If a tourist from abroad comes across the name Borromeo, it will probably be for the ‘Isole Borromeo,’ islands on Lake Maggiore, Isola Bella and Isola Madre, famous for the classical villas containing priceless works of art, and lovely gardens populated by hundreds of botanical species as well as peacocks, pheasants and parrots.
The Borromeo family itself is still flourishing, and it continues to do what its ancestors did centuries ago: preserving and enhancing their massive heritage of art and culture. Many parts of this heritage are open to the public.
The Borromeos were initially bankers, and they reached Lombardy in 1370, acquiring importance in the Visconti court for their economic power. In the 15th century, they concentrated on the conversion of their capital into property, at the same time transforming what had previously been military fortifications into beautiful, palatial villas.
In the same period, Carlo Borromeo (1538-1584), probably the most famous member of the family, became archbishop of Milan, and, amidst the turmoil of the counter-Reformation, promoted a new morality in the diocese, as well as modernizing its structures. After his premature death, he was buried in a fine tomb in the crypt of Milan’s Cathedral, even before his canonization by the Pope.
Carlo’s cousin Federigo Borromeo (1564-1631) also set out on a career in the church, and became Cardinal at the age of just 23. Notwithstanding this success, he chose, as his personal motto, the word ‘Humilitas,’ humility, later adopted by all the Borromeos after him. After having been made archbishop of Milan, he dedicated much of his energy to one of his fields of interest, art and literature. He invested a lot of his own personal wealth (deriving principally from income generated by the family’s properties) to developing his collections, with an objective that at that time was new and unusual: to help the entire population increase their own level of culture.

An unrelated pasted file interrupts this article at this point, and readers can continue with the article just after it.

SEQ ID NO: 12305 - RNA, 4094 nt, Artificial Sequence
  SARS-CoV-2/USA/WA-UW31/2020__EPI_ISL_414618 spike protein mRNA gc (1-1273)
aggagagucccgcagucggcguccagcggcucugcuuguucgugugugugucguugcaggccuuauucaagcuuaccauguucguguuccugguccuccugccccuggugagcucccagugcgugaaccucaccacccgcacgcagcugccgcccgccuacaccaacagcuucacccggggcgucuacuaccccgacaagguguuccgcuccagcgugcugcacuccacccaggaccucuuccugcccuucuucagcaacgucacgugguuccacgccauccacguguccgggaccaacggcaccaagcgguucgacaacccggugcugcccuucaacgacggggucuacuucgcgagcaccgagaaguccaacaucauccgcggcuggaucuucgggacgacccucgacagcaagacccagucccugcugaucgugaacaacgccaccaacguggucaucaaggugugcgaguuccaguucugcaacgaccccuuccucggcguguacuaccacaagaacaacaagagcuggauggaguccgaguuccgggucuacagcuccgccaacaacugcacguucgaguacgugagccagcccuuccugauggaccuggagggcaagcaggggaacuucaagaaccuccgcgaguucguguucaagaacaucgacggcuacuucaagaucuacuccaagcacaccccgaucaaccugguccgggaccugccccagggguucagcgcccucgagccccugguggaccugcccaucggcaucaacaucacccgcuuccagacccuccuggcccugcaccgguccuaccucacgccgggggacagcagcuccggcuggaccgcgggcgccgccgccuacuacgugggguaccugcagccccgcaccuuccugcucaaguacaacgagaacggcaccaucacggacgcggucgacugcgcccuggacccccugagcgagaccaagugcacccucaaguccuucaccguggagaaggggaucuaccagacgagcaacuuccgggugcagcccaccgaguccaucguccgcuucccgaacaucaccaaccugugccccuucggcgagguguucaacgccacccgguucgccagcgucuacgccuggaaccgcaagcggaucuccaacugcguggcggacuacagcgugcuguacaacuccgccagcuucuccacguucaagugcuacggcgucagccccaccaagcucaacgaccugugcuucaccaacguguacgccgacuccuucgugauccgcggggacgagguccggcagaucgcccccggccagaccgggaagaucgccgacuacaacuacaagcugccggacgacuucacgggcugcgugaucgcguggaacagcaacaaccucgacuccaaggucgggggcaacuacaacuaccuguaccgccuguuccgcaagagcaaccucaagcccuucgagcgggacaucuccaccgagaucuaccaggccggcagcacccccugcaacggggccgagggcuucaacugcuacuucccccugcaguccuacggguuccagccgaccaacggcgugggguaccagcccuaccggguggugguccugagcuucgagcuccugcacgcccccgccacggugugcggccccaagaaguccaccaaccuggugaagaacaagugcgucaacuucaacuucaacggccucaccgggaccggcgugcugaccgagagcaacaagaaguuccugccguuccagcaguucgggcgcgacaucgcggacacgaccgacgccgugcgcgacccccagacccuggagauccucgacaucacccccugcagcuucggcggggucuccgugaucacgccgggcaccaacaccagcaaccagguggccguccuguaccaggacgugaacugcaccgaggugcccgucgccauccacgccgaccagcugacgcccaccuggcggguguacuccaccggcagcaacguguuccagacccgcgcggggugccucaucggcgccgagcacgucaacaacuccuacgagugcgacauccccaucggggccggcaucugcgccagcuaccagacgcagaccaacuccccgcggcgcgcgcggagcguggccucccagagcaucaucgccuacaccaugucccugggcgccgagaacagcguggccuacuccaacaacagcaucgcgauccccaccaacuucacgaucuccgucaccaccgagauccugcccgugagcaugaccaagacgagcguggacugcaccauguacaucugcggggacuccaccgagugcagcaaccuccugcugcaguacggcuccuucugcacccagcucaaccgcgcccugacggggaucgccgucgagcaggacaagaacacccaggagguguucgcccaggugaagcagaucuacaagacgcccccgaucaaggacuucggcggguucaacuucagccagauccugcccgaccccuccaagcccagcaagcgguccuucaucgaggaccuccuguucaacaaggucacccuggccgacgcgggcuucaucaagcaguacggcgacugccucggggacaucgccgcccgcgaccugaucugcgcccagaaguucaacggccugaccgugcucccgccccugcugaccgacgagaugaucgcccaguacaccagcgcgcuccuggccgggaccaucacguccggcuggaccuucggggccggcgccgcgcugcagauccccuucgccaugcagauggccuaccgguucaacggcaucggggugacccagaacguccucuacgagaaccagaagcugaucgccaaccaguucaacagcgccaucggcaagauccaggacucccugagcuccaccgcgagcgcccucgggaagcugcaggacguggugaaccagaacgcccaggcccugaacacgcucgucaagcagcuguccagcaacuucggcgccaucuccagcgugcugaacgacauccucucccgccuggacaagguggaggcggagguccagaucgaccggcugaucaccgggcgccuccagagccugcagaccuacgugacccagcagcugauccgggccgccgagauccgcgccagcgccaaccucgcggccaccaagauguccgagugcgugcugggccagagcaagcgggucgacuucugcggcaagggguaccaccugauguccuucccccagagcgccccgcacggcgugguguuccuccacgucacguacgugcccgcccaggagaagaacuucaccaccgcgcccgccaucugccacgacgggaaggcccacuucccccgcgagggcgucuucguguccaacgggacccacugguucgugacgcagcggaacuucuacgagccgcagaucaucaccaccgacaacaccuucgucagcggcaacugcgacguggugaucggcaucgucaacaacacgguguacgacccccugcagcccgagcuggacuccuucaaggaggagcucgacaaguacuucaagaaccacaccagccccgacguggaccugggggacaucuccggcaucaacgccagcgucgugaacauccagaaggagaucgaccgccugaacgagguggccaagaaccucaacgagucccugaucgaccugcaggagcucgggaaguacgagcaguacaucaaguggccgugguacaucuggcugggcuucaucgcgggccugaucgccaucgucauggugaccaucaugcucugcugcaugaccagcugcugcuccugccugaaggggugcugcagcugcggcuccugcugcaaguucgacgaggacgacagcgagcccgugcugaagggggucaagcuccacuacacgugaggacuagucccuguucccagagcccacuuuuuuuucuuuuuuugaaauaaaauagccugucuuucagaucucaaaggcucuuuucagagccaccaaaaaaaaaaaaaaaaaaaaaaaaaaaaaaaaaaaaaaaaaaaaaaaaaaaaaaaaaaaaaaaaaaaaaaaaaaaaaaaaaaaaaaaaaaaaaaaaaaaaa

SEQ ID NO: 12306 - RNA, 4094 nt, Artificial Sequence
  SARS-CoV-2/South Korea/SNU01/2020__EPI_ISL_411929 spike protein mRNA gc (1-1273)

Federigo began to form a library, dedicated to Saint Ambrose, patron saint of Milan, and started by depositing his own books. To find more, he took on eight experts and sent them to France, Spain, Germany, Flanders, Greece, Lebanon and Jerusalem, as well as to other Italian cities, instructing them to purchase every text that they could find. In this way, he collected about 14,000 manuscripts and 30,000 printed volumes. These include some valuable ‘incunables,’ which were the earliest printed books, those dating to before 1501. Even in his day they were rare. Forty-eight of these incunables are each the only known example in existence. Other priceless documents include the letter that Christopher Columbus wrote to the king and queen of Spain in 1493 after his return from the first voyage to the New World.
For the upkeep of his growing collection, in 1607 Federigo formed a ‘Council of Doctors.’ In 1618 he added the Quadreria Ambrosiana to the library, a collection of principally Counter-Reformation paintings and sculptures. From the start, this was an appreciable treasure, with about 250 works includinig pieces by Leonardo da Vinci, Luini, Titian, Caravaggio and Brueghel, as well as the large (8.04 x 2.85 metres) cartoon made by Raphael for the fresco ‘The School of Athens’ painted in the Vatican. Federigo’s objective with the new Gallery was to form an innovative Fine Arts Academy, and to inspire the appreciation of beauty as a positive life model.